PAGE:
Dr Sophie Bostock Answers Your Questions on Teenagers and Sleep

Posted by Dr Sophie Bostock - Sleep Expert on 14th Mar 2023

Dr Sophie Bostock Answers Your Questions on Teenagers and Sleep

We gave you the chance to ask our resident sleep expert, Dr Sophie Bostock, some questions about kids and teen sleep habits via our  Instagram page. Many of you jumped at the chance to get an expert point of view on certain aspects of teen sleep. Here, Dr Sophie addresses some of your questions and concerns to help give a greater understanding into children and sleep.

Why do teenagers sleep so much?

It’s a key time for growth and repair, learning and memory, and the development of the brain. Most teens need at least 8 hours of sleep every night, but some will need 10 or more - especially if they are younger, or very physically active. Parents often think their teens sleep excessively at the weekends, but this is likely to be a sign that they are sleep deprived during the week. Experiment with bringing bedtime earlier by 30-60 minutes for 2 weeks, and see what difference it makes.

How do we get teens up in the morning?

As I covered in my article,  Teenagers and Sleep, Why are They so Tired and Why Does it Matter? teens’ body clocks are delayed relative to most adults, so they often struggle to wake up for school. The challenge is even greater if they are sleep deprived. The key is consistency - aim for the same wake up time, within an hour, 7 days a week. Switch on bright lights as soon as it is time to wake up, and ideally, encourage them to get outside into natural daylight within an hour of waking. Eating breakfast within the first two hours of waking also sends an alerting signal to the body clock. At least one hour before bedtime, dim the lights, and banish screens from the bedroom.

Is there anything we can do about teenagers napping during the day because they are awake until the early hours of the morning?

Teenage girl enjoying a nap with her arms resting behind her head as she sits on a sofa.

If you can’t get sufficient sleep at night, napping can actually be a very productive strategy. It can improve learning, mood and concentration. However, if it’s happening regularly, it may be a sign of sleep debt. All the steps described above (1-4) could be helpful here. Don’t be afraid to try and implement a set bedtime - just be prepared to model the same behaviour! As we mention above, teens with a parent-led bedtime, and parental rules about switching off technology, tend to have earlier bedtimes and longer sleep ( Pillion 2022). If they are left to their own devices. Their biology will tell them to go to bed later and later.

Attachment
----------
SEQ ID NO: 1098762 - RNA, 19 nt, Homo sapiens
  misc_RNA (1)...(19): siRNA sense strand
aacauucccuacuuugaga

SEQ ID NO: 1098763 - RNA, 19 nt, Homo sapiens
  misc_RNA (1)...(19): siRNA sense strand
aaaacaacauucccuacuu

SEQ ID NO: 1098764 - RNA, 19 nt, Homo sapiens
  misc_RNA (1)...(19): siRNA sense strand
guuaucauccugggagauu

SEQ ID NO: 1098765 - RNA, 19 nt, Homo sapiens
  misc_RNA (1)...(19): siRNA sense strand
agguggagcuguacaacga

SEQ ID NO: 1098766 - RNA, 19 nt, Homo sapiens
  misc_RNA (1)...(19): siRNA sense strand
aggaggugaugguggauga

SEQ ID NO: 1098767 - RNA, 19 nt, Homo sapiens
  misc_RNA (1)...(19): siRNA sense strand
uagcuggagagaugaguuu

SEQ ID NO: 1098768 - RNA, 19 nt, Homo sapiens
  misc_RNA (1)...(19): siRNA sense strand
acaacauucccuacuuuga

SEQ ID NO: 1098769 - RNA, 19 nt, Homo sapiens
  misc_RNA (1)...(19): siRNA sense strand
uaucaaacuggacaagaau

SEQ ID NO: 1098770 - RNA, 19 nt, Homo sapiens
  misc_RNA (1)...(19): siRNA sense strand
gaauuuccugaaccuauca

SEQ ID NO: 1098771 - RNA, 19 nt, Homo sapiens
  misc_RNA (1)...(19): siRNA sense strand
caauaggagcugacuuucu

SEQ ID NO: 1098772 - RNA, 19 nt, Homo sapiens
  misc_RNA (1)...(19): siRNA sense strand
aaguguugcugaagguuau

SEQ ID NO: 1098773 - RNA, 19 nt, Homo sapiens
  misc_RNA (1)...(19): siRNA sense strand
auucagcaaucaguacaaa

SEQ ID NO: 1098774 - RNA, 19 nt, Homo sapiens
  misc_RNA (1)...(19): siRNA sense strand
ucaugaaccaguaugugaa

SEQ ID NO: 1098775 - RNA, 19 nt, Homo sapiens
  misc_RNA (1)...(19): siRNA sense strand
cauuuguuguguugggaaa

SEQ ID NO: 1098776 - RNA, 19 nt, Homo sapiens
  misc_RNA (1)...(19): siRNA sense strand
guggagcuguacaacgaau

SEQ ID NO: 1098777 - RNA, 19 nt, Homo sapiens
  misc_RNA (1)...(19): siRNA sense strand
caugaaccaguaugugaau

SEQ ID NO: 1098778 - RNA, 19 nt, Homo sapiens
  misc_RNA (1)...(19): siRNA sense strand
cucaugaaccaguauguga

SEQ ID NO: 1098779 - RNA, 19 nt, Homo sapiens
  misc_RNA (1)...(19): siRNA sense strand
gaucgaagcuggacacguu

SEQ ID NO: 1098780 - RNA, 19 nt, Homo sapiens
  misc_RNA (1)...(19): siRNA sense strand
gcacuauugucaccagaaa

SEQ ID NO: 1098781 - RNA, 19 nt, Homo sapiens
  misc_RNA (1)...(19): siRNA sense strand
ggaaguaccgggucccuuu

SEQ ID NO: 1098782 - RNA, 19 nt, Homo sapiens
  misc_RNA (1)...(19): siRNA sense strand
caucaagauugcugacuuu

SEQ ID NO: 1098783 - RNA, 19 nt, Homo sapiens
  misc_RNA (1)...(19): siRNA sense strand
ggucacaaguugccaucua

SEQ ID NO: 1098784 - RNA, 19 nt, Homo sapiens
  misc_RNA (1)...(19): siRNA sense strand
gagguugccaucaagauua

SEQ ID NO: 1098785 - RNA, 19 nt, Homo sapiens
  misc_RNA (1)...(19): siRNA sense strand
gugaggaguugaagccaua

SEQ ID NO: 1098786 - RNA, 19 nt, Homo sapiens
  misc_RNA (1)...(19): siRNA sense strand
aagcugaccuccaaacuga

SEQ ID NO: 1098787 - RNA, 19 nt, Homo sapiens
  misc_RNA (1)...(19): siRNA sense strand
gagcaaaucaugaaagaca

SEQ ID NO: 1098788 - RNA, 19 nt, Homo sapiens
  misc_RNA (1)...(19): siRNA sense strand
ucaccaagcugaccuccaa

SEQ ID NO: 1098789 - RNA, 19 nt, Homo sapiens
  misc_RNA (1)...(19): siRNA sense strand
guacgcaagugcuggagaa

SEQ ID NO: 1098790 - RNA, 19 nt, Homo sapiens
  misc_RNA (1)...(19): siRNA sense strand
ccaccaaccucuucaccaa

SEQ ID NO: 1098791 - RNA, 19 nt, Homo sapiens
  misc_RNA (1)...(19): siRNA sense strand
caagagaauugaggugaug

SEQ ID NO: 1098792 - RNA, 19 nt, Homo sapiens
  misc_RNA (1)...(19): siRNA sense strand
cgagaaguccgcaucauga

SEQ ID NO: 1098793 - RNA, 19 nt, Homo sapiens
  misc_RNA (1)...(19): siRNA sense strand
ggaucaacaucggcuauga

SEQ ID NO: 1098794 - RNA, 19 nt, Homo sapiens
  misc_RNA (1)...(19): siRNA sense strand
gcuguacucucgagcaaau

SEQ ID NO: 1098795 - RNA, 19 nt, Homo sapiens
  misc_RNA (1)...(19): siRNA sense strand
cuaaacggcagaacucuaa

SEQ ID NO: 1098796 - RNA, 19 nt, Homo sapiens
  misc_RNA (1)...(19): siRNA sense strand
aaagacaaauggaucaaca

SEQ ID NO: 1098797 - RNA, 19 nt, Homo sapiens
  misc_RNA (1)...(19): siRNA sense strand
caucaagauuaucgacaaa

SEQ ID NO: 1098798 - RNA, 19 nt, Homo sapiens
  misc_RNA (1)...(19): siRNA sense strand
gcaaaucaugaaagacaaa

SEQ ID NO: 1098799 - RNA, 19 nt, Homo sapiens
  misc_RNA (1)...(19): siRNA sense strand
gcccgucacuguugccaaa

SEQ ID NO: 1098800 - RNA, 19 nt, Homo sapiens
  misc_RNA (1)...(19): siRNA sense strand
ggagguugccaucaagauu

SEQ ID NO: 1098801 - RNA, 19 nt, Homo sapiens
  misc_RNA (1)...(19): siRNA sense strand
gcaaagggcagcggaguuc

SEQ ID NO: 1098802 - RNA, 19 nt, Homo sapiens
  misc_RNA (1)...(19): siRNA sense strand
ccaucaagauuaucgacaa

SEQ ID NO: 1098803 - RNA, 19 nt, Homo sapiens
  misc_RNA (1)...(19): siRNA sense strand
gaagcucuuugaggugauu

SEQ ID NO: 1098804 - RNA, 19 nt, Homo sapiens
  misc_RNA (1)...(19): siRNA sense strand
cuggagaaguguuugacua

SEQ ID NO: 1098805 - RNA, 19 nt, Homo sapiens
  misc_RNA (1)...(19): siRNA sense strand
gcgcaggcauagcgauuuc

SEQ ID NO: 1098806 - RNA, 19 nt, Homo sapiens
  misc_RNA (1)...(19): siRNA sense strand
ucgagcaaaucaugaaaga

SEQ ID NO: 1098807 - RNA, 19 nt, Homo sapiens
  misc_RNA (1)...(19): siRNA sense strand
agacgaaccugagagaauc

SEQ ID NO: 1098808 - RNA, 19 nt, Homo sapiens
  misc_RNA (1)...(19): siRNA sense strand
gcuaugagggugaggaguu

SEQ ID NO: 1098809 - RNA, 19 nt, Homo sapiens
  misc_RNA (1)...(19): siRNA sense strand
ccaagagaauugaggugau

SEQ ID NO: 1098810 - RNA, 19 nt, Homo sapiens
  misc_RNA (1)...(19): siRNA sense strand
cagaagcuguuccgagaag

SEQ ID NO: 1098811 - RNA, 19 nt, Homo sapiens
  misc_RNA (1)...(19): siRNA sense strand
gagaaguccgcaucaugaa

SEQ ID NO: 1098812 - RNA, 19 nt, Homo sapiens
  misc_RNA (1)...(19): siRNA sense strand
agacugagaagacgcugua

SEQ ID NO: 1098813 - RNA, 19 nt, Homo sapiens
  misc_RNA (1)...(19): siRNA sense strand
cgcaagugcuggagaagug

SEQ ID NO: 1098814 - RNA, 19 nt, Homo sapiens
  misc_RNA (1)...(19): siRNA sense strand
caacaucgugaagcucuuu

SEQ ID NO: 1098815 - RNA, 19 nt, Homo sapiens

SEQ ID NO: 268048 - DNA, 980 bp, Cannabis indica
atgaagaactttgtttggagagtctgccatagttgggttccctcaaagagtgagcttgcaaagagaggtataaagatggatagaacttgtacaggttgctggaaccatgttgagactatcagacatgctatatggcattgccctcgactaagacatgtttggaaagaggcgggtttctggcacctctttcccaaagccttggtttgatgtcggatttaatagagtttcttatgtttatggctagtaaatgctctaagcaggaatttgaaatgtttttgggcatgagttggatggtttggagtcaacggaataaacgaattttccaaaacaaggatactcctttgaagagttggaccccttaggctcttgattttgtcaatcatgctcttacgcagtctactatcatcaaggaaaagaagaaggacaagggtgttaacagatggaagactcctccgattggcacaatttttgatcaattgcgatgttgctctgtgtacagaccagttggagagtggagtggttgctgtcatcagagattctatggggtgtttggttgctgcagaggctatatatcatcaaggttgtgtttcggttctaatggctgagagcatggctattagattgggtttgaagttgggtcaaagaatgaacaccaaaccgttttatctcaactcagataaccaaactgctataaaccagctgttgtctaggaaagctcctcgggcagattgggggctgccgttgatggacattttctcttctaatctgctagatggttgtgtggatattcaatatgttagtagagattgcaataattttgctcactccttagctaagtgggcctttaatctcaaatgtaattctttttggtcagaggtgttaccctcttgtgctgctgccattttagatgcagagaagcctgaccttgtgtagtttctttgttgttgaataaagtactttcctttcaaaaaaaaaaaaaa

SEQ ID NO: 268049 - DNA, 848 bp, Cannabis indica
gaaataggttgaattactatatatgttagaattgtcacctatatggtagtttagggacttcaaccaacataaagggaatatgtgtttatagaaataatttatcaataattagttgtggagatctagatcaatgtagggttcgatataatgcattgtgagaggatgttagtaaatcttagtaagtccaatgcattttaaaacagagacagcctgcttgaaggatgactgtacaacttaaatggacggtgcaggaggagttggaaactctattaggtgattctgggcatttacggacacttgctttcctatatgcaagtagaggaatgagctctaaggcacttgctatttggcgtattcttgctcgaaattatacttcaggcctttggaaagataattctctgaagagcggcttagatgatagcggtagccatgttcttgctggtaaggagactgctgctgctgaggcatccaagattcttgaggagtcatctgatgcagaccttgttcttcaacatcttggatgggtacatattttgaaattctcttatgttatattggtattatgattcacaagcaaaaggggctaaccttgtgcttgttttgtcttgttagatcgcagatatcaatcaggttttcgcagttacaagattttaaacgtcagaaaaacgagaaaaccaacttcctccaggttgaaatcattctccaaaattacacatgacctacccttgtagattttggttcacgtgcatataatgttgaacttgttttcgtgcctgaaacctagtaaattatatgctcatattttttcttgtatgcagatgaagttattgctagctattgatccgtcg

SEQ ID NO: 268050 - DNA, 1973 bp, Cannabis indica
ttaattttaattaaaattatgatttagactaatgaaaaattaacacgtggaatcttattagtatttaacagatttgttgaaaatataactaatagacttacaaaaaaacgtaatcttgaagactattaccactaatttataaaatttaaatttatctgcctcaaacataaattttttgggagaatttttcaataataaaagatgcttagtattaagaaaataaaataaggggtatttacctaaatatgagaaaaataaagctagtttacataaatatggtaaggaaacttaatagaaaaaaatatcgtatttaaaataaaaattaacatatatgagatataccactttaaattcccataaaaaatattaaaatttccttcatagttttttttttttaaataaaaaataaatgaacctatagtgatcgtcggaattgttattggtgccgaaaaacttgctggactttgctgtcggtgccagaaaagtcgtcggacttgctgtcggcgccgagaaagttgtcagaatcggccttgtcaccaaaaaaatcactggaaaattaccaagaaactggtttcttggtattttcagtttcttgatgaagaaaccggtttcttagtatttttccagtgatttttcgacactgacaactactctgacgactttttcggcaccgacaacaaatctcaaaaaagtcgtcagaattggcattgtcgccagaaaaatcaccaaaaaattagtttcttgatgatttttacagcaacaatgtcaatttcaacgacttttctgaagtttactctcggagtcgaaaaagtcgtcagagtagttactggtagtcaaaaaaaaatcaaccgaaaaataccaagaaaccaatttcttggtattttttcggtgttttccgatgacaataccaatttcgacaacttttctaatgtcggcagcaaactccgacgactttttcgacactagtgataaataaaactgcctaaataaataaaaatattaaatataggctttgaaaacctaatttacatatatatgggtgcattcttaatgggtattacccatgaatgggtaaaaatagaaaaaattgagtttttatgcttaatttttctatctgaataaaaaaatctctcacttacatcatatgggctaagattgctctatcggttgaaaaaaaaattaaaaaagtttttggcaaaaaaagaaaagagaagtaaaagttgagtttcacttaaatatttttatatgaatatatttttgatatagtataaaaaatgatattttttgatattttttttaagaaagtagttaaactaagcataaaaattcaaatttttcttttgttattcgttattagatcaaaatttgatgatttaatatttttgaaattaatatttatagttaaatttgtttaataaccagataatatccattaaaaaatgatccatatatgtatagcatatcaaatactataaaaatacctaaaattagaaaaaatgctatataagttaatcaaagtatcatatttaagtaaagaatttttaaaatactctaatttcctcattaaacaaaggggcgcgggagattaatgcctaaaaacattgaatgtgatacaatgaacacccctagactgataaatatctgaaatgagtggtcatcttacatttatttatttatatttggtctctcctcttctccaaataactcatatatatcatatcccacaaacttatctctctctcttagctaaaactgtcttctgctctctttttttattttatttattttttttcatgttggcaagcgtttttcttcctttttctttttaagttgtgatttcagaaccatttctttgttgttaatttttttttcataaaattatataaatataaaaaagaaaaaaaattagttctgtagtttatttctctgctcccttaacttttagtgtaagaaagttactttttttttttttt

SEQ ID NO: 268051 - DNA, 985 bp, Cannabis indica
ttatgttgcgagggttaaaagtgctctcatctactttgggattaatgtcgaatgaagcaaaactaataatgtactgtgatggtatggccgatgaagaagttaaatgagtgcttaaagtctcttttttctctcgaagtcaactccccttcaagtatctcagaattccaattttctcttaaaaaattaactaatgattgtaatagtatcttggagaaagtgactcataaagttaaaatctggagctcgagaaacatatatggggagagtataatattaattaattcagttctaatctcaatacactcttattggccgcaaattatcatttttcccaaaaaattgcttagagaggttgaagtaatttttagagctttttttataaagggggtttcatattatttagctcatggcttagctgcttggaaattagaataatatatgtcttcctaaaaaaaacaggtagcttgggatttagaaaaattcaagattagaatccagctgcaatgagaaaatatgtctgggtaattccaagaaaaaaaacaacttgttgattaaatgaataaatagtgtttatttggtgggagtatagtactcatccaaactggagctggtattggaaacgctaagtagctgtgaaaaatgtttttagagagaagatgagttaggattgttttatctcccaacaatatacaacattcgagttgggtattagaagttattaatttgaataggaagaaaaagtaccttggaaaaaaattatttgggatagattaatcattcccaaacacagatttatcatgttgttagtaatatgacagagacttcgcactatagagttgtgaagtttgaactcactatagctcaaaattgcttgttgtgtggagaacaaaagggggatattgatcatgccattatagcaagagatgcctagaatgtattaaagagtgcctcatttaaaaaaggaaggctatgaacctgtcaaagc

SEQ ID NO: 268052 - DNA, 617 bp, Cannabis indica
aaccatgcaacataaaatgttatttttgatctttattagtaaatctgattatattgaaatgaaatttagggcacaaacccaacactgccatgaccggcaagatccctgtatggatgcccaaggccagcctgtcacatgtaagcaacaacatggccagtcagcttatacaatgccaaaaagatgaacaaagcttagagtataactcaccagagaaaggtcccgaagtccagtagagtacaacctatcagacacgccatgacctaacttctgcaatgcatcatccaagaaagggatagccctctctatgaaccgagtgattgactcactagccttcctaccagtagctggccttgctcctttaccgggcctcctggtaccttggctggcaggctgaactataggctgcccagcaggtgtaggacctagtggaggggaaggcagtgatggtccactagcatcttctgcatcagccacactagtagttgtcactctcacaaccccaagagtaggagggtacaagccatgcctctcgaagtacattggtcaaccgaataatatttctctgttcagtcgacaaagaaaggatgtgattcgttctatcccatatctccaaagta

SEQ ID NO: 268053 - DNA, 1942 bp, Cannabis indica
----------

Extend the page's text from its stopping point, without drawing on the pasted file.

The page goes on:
My son is 14 and has autism and is struggling to get to sleep

He can be awake until 1am and then struggles to wake for school the next day.

Children and teenagers with autism, and autistic traits, are more vulnerable to sleep problems. The type of sleep problems often differs with age; younger children with autism spectrum disorder (ASD) are more likely to show bedtime anxiety, awakenings during the night, and parasomnias (such as sleep walking, sleep talking, and nightmares). Older children are more likely to report insomnia symptoms such as difficulty falling asleep or staying asleep. Behavioural approaches such as the advice in this article are recommended as the first line approach. If you feel as though you’re following the advice and your son is still struggling with sleep, speak to your GP. It may be that a combination of behavioural therapy and prescription sleep aids, such as melatonin, may be helpful.

My 8 year old just can't switch off, it takes ages to get to sleep and he's tired

Young boy in bed with arms in the air and looking excited.

The number one recommendation to help children sleep well is a structured bedtime routine. This should be designed to slowly bring energy levels down - such as with quiet play, followed by a warm bath and brushing teeth, and then reading or listening to calming music in bed. You might already be doing all this! Most 8 year-olds will need 8-10 hours of sleep each night. It’s always harder to switch off when you’re over tired, so perhaps experiment with moving the bedtime routine earlier?

Alternatively, it might be that your son is already exhibiting more teenage tendencies to have a later body clock (chronotype). You’ll know if this is the case if he’s also struggling to wake up without an alarm clock for school.

Another possibility is that your son is struggling with worries or anxieties, which might be about sleep, or school, or something else going on. It’s a good idea to ask about worries during the day time, rather than last thing at night. See if there are any practical steps you can take to address his concerns. It might be that he would benefit from more time to practice relaxation before bed, either with some mindful breathing exercises, or calming music and perhaps some gentle massage. Some children find a weighted blanket can be reassuring before bedtime.

Read More: Teenagers and Sleep

authors profile
Dr Sophie Bostock
Sleep Expert
Sophie brings a wealth of expertise to the role having spent the last six years researching and championing the importance of sleep science in NHS and corporate settings. Sophie was responsible for improving access to the award-winning digital sleep improvement programme, Sleepio, as an NHS Innovation Accelerator Fellow. She has delivered hundreds of talks, including for TEDx and Talks@Google, and regularly features as a media sleep expert.
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